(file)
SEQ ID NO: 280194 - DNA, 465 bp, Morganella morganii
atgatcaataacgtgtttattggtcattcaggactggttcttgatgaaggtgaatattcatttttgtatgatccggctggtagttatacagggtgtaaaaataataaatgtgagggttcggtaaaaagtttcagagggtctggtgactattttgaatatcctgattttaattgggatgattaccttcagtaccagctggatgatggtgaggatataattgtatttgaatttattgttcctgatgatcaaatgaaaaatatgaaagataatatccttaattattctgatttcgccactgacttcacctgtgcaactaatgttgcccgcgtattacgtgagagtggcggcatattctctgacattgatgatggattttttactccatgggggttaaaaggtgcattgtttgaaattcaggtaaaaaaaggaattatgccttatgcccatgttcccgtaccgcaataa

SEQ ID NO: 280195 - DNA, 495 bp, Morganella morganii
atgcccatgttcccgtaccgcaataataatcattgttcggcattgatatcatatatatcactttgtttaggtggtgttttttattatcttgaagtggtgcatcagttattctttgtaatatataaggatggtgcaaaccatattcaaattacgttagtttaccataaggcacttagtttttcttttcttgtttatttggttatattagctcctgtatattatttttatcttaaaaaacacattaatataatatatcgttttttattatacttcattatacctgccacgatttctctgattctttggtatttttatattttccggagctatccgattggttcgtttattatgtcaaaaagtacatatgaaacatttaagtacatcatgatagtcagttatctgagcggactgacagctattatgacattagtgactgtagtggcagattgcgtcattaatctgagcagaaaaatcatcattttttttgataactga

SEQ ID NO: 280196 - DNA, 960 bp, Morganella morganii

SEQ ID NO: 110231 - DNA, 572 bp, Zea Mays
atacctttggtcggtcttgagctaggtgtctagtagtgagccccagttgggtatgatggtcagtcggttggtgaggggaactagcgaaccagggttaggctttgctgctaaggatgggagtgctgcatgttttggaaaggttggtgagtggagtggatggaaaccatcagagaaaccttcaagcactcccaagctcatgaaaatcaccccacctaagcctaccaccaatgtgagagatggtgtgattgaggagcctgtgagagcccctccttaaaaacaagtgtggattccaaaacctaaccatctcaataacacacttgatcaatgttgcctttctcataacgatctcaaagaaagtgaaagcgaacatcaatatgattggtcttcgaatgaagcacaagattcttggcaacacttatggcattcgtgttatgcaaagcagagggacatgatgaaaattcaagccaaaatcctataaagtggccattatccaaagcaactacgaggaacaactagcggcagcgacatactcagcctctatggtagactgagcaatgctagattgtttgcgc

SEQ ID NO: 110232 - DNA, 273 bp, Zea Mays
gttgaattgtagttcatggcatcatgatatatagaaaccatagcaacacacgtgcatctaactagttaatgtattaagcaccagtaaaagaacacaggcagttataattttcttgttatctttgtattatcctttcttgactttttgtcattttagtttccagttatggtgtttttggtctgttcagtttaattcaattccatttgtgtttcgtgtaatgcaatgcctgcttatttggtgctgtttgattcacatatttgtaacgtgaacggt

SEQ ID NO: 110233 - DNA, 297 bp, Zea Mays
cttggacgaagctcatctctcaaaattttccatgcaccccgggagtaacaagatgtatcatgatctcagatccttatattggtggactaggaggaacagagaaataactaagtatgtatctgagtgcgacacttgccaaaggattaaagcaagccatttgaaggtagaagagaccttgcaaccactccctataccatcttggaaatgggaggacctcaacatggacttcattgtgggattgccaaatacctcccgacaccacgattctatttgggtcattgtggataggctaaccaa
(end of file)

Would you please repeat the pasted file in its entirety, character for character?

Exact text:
SEQ ID NO: 280194 - DNA, 465 bp, Morganella morganii
atgatcaataacgtgtttattggtcattcaggactggttcttgatgaaggtgaatattcatttttgtatgatccggctggtagttatacagggtgtaaaaataataaatgtgagggttcggtaaaaagtttcagagggtctggtgactattttgaatatcctgattttaattgggatgattaccttcagtaccagctggatgatggtgaggatataattgtatttgaatttattgttcctgatgatcaaatgaaaaatatgaaagataatatccttaattattctgatttcgccactgacttcacctgtgcaactaatgttgcccgcgtattacgtgagagtggcggcatattctctgacattgatgatggattttttactccatgggggttaaaaggtgcattgtttgaaattcaggtaaaaaaaggaattatgccttatgcccatgttcccgtaccgcaataa

SEQ ID NO: 280195 - DNA, 495 bp, Morganella morganii
atgcccatgttcccgtaccgcaataataatcattgttcggcattgatatcatatatatcactttgtttaggtggtgttttttattatcttgaagtggtgcatcagttattctttgtaatatataaggatggtgcaaaccatattcaaattacgttagtttaccataaggcacttagtttttcttttcttgtttatttggttatattagctcctgtatattatttttatcttaaaaaacacattaatataatatatcgttttttattatacttcattatacctgccacgatttctctgattctttggtatttttatattttccggagctatccgattggttcgtttattatgtcaaaaagtacatatgaaacatttaagtacatcatgatagtcagttatctgagcggactgacagctattatgacattagtgactgtagtggcagattgcgtcattaatctgagcagaaaaatcatcattttttttgataactga

SEQ ID NO: 280196 - DNA, 960 bp, Morganella morganii

SEQ ID NO: 110231 - DNA, 572 bp, Zea Mays
atacctttggtcggtcttgagctaggtgtctagtagtgagccccagttgggtatgatggtcagtcggttggtgaggggaactagcgaaccagggttaggctttgctgctaaggatgggagtgctgcatgttttggaaaggttggtgagtggagtggatggaaaccatcagagaaaccttcaagcactcccaagctcatgaaaatcaccccacctaagcctaccaccaatgtgagagatggtgtgattgaggagcctgtgagagcccctccttaaaaacaagtgtggattccaaaacctaaccatctcaataacacacttgatcaatgttgcctttctcataacgatctcaaagaaagtgaaagcgaacatcaatatgattggtcttcgaatgaagcacaagattcttggcaacacttatggcattcgtgttatgcaaagcagagggacatgatgaaaattcaagccaaaatcctataaagtggccattatccaaagcaactacgaggaacaactagcggcagcgacatactcagcctctatggtagactgagcaatgctagattgtttgcgc

SEQ ID NO: 110232 - DNA, 273 bp, Zea Mays
gttgaattgtagttcatggcatcatgatatatagaaaccatagcaacacacgtgcatctaactagttaatgtattaagcaccagtaaaagaacacaggcagttataattttcttgttatctttgtattatcctttcttgactttttgtcattttagtttccagttatggtgtttttggtctgttcagtttaattcaattccatttgtgtttcgtgtaatgcaatgcctgcttatttggtgctgtttgattcacatatttgtaacgtgaacggt

SEQ ID NO: 110233 - DNA, 297 bp, Zea Mays
cttggacgaagctcatctctcaaaattttccatgcaccccgggagtaacaagatgtatcatgatctcagatccttatattggtggactaggaggaacagagaaataactaagtatgtatctgagtgcgacacttgccaaaggattaaagcaagccatttgaaggtagaagagaccttgcaaccactccctataccatcttggaaatgggaggacctcaacatggacttcattgtgggattgccaaatacctcccgacaccacgattctatttgggtcattgtggataggctaaccaa